ICWA Guide Online | Resources by State | California | Court Rules
Cal.Rules of Court, Rule 5.534
Formerly cited as CA ST TRIAL CT Rule 1412
California Rules of Court (Refs & Annos)
Title 5. Family and Juvenile Rules (Refs & Annos)
Division 3. Juvenile Rules (Refs & Annos)
Chapter 3. General Conduct of Juvenile Court Proceedings
Rule 5.534. General provisions--all proceedings
(a) Control of proceedings (§§ 350, 680)
The court must control all proceedings with a view to quickly and effectively ascertaining the jurisdictional facts and all information relevant to the present condition and welfare of the child.
(b) Conduct of proceedings (§§ 350, 680)
Unless there is a contested issue of fact or law, the proceedings must be conducted in a nonadversarial atmosphere.
(c) Testimony of child in chambers (§ 350)
In a hearing under section 300 et seq., a child may testify in chambers and outside the presence of the child's parent or guardian if the parent or guardian is represented by counsel who is present, subject to the right of the parent or guardian to have the court reporter read back the child's testimony, and if the court determines, based on the petitioner's report or other offers of proof or other evidence, that any of the following circumstances exist:
(1) Testimony in chambers is necessary to ensure truthful testimony;
(2) The child is likely to be intimidated by a formal courtroom setting; or
(3) The child is afraid to testify in front of the parent or guardian.
(d) Burden of proof (§§ 350, 701.1)
(1) Meeting the burden of proof:
(A) In any hearing under section 300 in which the county welfare agency has the burden of proof, after completion of the agency's case, and the presentation of evidence by the child, the court may, on motion of any party or on the court's own motion, order whatever action the law requires if the court, based on all the evidence then before it, finds that the burden of proof is not met.
(B) In any hearing under section 601 or 602, after the completion of the petitioner's case, the court may, on the motion of any party, or on the court's own motion, order whatever action the law requires if the burden of proof is not met.
(2) If the motion is denied, the child in a section 300 or section 601 or section 602 hearing, or the parent or guardian in a section 300 hearing, may offer evidence.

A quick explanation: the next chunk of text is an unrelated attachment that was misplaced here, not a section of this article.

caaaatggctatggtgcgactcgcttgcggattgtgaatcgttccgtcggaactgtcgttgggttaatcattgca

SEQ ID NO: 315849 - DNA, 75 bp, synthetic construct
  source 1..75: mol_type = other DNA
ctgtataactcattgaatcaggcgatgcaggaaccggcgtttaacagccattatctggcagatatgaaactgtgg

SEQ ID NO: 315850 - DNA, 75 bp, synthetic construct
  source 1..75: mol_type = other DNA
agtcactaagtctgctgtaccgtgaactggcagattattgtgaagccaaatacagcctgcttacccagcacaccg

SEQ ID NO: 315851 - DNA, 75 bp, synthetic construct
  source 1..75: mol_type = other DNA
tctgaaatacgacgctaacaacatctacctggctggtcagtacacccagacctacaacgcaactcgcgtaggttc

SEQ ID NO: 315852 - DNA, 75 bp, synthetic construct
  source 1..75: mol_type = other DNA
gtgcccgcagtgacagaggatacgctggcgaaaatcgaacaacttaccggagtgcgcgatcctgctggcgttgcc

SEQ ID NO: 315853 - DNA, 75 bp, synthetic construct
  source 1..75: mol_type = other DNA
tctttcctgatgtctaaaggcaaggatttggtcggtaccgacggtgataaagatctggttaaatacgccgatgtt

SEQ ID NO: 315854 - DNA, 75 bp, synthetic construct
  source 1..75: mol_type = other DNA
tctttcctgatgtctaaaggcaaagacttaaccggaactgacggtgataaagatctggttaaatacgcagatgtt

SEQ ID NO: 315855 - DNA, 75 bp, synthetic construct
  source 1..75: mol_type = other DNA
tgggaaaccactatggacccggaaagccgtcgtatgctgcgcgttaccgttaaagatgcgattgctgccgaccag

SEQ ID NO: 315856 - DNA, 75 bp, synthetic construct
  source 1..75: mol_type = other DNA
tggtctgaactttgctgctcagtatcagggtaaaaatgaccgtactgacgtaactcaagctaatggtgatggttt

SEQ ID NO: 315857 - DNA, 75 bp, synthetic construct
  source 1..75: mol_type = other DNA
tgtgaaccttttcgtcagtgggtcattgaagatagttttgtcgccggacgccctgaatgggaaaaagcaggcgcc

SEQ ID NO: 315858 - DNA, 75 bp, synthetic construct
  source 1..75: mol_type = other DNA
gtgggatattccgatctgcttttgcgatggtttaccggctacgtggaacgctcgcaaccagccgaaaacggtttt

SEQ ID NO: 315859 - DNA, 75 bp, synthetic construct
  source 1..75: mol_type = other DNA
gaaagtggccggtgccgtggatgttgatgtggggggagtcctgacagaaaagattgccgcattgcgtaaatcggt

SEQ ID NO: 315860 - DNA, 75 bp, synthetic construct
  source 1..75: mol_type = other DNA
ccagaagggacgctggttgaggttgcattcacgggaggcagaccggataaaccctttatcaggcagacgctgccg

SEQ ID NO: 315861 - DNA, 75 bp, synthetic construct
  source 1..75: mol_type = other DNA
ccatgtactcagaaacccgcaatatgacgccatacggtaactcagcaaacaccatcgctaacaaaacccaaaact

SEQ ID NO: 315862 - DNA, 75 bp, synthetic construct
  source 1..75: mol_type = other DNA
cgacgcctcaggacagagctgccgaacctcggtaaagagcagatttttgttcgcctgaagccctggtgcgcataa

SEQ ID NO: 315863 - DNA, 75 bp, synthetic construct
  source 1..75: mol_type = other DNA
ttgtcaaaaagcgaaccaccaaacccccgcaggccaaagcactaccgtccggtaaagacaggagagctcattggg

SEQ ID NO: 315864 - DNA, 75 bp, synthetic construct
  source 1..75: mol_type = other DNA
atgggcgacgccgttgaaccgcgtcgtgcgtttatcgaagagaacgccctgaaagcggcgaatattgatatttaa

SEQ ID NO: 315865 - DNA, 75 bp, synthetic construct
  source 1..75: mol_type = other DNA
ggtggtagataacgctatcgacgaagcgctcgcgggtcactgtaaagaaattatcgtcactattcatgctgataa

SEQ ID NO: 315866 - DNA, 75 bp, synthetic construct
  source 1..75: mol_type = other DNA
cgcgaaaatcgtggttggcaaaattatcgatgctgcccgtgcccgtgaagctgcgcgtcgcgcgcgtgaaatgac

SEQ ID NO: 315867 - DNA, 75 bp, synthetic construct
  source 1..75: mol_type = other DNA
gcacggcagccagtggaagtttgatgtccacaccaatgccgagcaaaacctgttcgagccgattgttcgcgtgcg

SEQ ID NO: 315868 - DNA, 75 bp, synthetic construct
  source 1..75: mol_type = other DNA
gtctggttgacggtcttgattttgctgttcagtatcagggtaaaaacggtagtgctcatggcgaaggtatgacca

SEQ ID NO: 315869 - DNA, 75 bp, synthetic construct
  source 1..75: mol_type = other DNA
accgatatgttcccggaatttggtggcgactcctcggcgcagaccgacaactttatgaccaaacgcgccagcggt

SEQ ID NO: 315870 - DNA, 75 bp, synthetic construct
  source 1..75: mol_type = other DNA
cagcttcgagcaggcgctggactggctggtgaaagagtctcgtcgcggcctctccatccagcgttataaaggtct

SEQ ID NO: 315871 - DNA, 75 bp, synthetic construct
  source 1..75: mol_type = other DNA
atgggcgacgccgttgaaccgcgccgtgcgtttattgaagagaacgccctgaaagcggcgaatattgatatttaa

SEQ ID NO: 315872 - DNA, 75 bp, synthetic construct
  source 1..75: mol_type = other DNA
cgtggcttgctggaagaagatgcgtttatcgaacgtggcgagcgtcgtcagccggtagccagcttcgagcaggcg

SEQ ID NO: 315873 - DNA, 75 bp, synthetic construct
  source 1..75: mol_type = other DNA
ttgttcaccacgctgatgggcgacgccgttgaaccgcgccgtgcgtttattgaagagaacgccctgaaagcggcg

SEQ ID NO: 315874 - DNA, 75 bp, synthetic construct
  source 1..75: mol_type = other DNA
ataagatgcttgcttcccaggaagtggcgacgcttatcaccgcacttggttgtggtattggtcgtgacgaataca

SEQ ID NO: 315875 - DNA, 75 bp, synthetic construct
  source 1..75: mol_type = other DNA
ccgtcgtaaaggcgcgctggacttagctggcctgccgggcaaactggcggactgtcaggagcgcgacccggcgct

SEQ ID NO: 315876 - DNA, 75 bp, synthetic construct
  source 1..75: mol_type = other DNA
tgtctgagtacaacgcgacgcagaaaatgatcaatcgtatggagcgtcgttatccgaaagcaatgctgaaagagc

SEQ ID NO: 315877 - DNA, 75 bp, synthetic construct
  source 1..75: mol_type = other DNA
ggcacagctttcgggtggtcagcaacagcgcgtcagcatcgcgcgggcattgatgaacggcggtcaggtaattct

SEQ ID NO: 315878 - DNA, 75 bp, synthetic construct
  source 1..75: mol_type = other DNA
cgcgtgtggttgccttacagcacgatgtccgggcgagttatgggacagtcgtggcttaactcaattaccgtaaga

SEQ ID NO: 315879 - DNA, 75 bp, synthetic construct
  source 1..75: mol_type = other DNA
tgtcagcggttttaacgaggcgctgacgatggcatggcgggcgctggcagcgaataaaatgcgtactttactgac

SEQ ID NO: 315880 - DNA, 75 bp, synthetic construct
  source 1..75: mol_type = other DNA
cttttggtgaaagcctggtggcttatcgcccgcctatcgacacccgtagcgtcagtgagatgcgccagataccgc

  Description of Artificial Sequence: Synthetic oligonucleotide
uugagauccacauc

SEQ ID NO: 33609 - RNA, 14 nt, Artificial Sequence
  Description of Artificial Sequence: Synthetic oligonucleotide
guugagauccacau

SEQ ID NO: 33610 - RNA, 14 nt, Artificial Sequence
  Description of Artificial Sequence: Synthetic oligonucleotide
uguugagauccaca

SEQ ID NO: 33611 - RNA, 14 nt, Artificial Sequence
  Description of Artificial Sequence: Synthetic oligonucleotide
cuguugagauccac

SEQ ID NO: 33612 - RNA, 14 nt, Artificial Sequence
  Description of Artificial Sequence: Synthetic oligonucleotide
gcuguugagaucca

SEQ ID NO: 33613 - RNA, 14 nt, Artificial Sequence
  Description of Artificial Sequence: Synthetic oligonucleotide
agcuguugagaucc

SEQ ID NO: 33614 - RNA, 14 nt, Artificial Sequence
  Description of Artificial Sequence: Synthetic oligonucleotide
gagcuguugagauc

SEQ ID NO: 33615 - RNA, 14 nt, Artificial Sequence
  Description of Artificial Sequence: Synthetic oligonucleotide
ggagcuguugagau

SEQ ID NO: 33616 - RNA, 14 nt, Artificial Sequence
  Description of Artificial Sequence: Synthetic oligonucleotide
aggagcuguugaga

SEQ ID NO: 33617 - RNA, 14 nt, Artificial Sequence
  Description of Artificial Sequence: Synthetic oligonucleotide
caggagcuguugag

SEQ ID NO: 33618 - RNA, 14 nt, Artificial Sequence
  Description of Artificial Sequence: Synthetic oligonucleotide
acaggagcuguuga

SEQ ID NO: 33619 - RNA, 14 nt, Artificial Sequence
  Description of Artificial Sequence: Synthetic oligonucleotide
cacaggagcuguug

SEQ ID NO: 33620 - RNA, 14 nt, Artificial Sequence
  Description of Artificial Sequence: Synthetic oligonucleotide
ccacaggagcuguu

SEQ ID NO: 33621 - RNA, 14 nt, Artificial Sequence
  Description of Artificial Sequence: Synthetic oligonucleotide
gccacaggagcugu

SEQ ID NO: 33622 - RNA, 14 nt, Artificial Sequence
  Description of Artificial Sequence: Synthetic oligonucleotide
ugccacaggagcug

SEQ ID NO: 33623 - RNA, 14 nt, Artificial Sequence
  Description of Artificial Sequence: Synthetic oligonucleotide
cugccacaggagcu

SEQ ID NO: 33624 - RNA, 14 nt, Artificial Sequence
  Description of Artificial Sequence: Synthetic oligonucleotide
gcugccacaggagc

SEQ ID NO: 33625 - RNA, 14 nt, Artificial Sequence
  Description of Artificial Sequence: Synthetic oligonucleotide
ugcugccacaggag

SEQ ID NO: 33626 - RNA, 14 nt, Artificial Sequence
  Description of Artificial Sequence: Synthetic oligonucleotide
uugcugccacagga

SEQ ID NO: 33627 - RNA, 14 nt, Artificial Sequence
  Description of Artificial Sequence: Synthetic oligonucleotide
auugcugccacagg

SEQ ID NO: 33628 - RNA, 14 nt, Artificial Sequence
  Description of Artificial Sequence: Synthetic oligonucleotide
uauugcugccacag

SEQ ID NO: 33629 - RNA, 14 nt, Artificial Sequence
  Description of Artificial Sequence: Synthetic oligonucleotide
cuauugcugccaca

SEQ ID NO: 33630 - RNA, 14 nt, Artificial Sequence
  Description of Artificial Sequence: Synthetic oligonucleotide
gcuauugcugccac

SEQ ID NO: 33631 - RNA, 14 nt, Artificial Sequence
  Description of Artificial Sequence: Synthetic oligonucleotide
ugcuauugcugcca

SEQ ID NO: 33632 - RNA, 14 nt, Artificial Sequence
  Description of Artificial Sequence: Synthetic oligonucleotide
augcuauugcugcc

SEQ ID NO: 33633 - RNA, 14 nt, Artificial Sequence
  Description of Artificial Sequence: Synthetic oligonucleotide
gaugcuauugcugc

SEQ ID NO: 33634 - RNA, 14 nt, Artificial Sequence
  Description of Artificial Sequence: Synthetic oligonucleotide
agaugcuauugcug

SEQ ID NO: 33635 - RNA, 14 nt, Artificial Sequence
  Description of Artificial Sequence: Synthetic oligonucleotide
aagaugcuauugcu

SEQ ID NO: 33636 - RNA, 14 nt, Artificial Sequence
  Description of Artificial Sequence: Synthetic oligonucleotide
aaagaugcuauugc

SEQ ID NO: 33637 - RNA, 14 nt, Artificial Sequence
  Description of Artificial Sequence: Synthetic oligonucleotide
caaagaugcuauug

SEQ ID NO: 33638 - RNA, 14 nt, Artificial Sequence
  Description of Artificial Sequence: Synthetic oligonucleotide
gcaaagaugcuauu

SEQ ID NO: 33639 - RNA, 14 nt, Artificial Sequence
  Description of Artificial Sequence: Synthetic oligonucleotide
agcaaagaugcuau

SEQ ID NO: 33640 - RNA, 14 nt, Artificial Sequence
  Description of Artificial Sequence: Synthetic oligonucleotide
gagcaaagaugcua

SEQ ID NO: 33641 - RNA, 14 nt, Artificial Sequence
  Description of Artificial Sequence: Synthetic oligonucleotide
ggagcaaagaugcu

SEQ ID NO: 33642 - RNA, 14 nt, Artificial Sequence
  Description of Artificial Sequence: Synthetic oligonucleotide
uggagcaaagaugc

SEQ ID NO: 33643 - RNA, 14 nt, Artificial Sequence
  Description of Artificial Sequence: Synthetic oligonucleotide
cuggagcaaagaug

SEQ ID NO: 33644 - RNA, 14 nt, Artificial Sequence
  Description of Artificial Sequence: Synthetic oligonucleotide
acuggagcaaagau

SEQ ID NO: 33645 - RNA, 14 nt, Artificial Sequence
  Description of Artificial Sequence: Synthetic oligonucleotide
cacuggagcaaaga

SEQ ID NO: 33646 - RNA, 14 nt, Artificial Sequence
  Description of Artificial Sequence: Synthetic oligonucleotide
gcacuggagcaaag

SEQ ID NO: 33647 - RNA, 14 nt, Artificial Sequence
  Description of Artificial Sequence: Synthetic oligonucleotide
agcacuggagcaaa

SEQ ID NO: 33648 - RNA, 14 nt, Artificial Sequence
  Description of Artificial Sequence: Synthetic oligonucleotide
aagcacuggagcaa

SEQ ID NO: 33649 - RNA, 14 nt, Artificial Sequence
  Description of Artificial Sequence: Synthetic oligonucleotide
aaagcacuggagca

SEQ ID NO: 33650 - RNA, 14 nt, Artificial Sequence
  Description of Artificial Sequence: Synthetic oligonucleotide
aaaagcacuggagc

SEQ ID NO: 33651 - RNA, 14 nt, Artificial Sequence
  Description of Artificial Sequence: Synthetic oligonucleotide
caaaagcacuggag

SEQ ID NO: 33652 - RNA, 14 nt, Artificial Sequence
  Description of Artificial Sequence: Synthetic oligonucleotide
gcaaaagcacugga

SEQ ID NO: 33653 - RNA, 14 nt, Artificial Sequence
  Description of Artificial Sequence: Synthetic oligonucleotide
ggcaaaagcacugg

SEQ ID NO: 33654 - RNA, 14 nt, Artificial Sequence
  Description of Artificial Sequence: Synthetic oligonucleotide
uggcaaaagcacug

(e) De facto parents
On a sufficient showing the court may recognize the child's present or previous custodians as de facto parents and grant standing to participate as parties in disposition hearings and any hearing thereafter at which the status of the dependent child is at issue. The de facto parent may:
(1) Be present at the hearing;
(2) Be represented by retained counsel or, at the discretion of the court, by appointed counsel; and
(3) Present evidence.
(1) On a sufficient showing, the court may permit relatives of the child to:
(A) Be present at the hearing; and
(B) Address the court.
(2) Relatives of the child have the right to submit information about the child to the court at any time. Written information about the child may be submitted to the court using Relative Information (form JV-285) or in a letter to the court.
(3) When a relative is located through the investigation required by rule 5.637, the social worker must give that relative:
(A) The written notice required by section 309 and the “Important Information for Relatives” document as distributed in California Department of Social Services All County Letter No. 09-86;
(B) A copy of Relative Information (form JV-285), with the county and address of the court, the child's name and date of birth, and the case number already entered in the appropriate caption boxes by the social worker; and
(C) A copy of Confidential Information (form JV-287).
(4) When form JV-285 or a relative's letter is received by the court, the court clerk must provide the social worker, all unrepresented parties, and all attorneys with a copy of the completed form or letter.
(5) When form JV-287 is received by the court, the court clerk must place it in a confidential portion of the case file.
(g) Right to counsel (§§ 317, 633, 634, 700)
At each hearing the court must advise an self represented child, parent, or guardian of the right to be represented by counsel and, if applicable, of the right to have counsel appointed, subject to a claim by the court or the county for reimbursement as provided by law.
(h) Appointment of counsel (§§ 317, 633, 634, 700)
(1) In cases petitioned under section 300: